Author Topic: Mild steel driving wheel castings for the 3.5 inch Pennsylvania A3 Switcher  (Read 920 times)

Offline JCvdW

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I am contemplating building the 3.5 inch Pennsylvania A3 Switcher and ordered the excellent book by Kozo Hiraoka.

Before diving into this long term project, I decided to first see if driving wheels could be casted locally (Cape Town, South Africa). Only one of the three local casting companies showed any interest, and this compary only do high end investment casting. To save some money, it was suggested that I provide the wax patterns. A minimum of 10 patterns were required for 5 wheels, to allow for any casting failures.

Even though a bit pricy, I decided that learning a new skill and going through the whole process, rather than importing wheel castings, would be worth it.

Recycled wax was obtained from a local business specialising in lost wax casting of bronze art statues.

Making wax patterns opened up a whole new world to me. Wax casting using a silicon mould had to be mastered...

First a 3D model of a casting pattern was made in Fusion 360.



The 3D model was then used to cut a pattern out of MDF on my 3 axes milling machine.





The MDF pattern was first painted and sanded.  A mould was then prepared for the bottom half of a two part silicon block mould. Nuts located in moulding clay were used as locating features for the top half of the mould.



Silicon was then mixed and poured to cover the pattern by about 10mm. This forms the bottom half of the mould. The silicon has low enough viscosity to allow any air bubbles to escape naturally before it cures.



A mould was then made to cast the the top half of the silicon mould. The bottom half of the mould was mounted at an angle to prevent any air from being trapped in the mould when the wax is being poured. A sprue for pouring the wax was added so that poured wax will rise from the bottom of the pattern. An air vent was also added to the top of the pattern.





The top half was partly cut to allow easy demoulding with the sprue and air vent intact.



Wax melts at around 55 deg C, so it was easily melted on the kitchen stove in a pot suspended in boiling water. The mould was preheated in the stove oven set at 70 deg C. After the wax was poured, the mould was returned to the (now switched off) oven to cool slowly for at least four hours to minimise the effects of shrinkage.

Six wax patterns done, four to go. Wax shrinkage is mostly taken up by the wax in the sprue and vent.



Sprues and vents were removed from the ten wheels with a knife heated in boiling water. Any remaining imperfections were also filled with wax using a heated screw driver.

The ten wax wheel patterns were then delivered to the casting company for investment casting using mild steel. Two weeks later the castings were ready for collection.

Nine of the mild steel wheels came out perfectly. One wheel has a partially filled spoke. This wheel will be used to practise all the machining operations.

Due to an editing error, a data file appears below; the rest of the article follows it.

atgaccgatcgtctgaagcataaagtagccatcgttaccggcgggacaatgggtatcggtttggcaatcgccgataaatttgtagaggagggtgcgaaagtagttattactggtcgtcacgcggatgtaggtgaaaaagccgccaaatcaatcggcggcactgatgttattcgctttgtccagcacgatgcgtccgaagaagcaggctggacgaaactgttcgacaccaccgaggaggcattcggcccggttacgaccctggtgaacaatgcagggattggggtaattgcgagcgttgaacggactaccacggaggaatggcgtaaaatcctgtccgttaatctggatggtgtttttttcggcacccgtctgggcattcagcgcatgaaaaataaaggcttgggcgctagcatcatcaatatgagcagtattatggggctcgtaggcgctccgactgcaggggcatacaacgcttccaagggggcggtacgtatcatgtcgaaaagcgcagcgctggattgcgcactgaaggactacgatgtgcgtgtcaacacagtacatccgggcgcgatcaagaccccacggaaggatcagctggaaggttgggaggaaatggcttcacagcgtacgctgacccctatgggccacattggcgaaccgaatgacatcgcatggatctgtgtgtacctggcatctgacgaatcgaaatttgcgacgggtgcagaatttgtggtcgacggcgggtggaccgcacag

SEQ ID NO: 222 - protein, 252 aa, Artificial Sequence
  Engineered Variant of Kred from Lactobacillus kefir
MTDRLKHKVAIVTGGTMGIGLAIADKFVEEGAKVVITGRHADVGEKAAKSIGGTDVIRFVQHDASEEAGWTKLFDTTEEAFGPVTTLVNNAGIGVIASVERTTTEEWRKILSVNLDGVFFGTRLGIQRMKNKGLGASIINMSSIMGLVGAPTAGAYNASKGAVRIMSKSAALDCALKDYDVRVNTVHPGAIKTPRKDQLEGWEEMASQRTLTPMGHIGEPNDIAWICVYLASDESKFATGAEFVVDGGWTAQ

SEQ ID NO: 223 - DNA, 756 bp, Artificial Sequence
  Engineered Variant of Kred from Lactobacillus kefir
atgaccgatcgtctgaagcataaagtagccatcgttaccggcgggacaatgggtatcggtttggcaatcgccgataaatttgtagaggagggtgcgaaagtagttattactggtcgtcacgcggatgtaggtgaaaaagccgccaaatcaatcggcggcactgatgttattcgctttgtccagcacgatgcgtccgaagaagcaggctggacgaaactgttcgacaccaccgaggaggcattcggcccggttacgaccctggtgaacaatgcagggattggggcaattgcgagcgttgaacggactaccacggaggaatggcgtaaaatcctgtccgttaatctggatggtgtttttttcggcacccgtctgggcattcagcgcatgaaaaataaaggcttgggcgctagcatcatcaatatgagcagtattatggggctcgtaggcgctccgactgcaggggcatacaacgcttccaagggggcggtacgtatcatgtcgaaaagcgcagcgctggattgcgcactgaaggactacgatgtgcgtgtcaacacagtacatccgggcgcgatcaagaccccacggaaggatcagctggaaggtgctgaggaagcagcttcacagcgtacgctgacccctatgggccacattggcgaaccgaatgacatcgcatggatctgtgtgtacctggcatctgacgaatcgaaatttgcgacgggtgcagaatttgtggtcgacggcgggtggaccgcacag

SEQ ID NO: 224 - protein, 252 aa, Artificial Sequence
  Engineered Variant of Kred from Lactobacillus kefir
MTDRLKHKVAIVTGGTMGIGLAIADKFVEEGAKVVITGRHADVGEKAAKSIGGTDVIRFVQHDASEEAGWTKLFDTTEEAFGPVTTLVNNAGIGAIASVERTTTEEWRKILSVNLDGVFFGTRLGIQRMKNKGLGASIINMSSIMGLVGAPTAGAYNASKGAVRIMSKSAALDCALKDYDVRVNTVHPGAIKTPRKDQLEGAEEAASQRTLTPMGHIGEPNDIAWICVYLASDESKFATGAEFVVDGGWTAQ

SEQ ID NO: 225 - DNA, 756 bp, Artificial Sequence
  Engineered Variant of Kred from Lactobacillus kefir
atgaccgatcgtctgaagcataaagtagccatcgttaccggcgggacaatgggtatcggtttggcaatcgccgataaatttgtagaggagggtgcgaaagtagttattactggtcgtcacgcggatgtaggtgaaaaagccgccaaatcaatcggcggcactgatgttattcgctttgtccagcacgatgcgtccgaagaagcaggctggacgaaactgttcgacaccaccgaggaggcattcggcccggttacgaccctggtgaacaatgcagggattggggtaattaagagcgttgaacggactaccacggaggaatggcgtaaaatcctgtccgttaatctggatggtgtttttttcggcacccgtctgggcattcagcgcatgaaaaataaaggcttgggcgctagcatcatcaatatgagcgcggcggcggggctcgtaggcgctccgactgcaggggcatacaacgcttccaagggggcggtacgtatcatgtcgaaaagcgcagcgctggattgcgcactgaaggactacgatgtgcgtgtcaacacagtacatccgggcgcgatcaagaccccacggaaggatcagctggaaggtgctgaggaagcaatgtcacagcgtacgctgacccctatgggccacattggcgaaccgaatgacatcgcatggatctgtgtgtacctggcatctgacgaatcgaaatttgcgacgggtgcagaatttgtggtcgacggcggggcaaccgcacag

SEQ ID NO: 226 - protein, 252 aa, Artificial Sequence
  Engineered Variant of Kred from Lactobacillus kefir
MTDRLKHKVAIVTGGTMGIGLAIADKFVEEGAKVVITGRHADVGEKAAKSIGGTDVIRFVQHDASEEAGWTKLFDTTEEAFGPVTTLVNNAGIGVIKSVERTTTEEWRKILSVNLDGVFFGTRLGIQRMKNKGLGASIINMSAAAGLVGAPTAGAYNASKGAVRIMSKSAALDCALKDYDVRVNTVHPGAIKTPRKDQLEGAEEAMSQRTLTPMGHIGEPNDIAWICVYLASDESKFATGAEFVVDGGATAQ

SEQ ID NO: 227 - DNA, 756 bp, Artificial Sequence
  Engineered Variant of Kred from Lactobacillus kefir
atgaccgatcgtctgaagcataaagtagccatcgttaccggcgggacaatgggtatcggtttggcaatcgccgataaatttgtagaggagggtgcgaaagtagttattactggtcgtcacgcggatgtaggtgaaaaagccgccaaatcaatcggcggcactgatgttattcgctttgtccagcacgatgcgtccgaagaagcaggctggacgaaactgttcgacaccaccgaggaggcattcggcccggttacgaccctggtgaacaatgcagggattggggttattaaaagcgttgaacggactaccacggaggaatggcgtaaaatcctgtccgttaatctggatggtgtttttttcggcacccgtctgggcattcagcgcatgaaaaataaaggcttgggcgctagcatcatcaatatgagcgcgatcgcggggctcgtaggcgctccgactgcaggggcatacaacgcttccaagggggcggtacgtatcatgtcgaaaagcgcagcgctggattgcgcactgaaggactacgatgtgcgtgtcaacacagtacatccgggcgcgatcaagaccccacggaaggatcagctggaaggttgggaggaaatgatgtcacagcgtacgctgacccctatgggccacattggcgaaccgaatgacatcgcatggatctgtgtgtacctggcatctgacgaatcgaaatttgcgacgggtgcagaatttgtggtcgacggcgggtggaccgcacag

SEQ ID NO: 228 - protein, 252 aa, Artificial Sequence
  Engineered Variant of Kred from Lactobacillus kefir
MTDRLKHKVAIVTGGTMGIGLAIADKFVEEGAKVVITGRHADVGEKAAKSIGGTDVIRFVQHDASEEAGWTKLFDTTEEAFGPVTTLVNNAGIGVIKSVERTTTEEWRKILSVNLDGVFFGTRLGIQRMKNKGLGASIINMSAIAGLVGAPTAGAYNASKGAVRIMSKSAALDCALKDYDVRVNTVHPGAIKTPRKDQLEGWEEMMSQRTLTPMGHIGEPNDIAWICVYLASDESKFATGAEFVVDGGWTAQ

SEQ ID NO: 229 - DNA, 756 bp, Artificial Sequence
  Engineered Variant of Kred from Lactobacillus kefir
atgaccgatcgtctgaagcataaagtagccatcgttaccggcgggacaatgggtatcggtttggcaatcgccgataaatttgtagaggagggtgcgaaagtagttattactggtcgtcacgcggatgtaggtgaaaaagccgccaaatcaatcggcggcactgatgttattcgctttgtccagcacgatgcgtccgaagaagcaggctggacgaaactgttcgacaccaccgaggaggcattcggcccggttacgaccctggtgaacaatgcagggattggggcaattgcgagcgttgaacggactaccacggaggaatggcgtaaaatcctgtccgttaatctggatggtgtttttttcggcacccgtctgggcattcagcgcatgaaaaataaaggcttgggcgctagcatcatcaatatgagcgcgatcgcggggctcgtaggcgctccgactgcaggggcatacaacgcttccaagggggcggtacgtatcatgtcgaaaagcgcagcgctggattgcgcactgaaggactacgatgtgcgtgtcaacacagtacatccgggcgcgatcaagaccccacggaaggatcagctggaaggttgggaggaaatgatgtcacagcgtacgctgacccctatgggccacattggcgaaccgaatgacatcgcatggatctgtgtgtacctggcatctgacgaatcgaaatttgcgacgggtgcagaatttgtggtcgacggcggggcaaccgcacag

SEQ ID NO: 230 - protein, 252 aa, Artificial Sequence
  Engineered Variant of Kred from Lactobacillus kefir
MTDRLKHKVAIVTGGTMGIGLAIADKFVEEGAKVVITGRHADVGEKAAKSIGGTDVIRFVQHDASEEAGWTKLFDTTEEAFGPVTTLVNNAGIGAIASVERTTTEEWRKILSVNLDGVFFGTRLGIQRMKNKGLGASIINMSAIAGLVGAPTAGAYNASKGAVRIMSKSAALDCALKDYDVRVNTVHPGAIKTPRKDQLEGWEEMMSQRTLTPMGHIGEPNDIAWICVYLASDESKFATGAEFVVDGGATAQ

Now I have enough wheel castings for two locomotives! So if anyone is interested to purchase four or five mild steel castings, let me know...



I found the whole process most satisfying and rewarding!
« Last Edit: July 16, 2022, 02:28:59 PM by JCvdW »
There is no planet B ...

Offline Admiral_dk

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Great Looking Wheels - You should be Very Proud with the result  :praise2:

Per

Offline A7er

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Did you allow for shrinkage when you drew the wheel? I imagine the steel shrinks a bit, what about the wax?
Very nice work.

Offline JCvdW

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Thanks Per and A7er!

Did you allow for shrinkage when you drew the wheel? I imagine the steel shrinks a bit, what about the wax?

To be honest, I (mistakenly!) did not pay too much attention to overall shrinkage at all. Fortunately Kozo did! His plan for the wheel pattern has the outside diameter 5% larger (92.1mm) than the actual wheel diameter (87.3mm).

Your question prompted me to review this and to do some measurements. The 3D CAD drawing has an outside diameter of 93.5mm. The wood pattern ended up with an outside diameter of 93mm. I never measured the outside diameter of the wax patterns! The mild steel castings have an outside diameter of 90.4mm. So overall shrinkage compared to the wood pattern is about 2.8%.

So the castings ended up with 3.1mm spare on the outside diameter! Thank you Kozo!
There is no planet B ...

Online Kim

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Wow!  Those drivers are beautiful!  I fabricated mine from bar stock, which was a different challenge.  You picked up some good skills here, those are great!

And thanks for sharing that detailed step-by-step with us. That is a very interesting process.

Looking forward to the rest of your Pennsy build!
Kim

Offline tghs

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your castings look great!!! been down that road of making waxes and sending them out to get cast,, the old foundry guys did amazing things...
what the @#&% over

Online Jo

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They look really good. Well done  :ThumbsUp:

Jo
Enjoyment is more important than achievement.

Offline Roger B

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Excellent  :praise2:  :praise2:  :wine1:
Best regards

Roger

Offline bent

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Nice wheels!  :popcorn:

 

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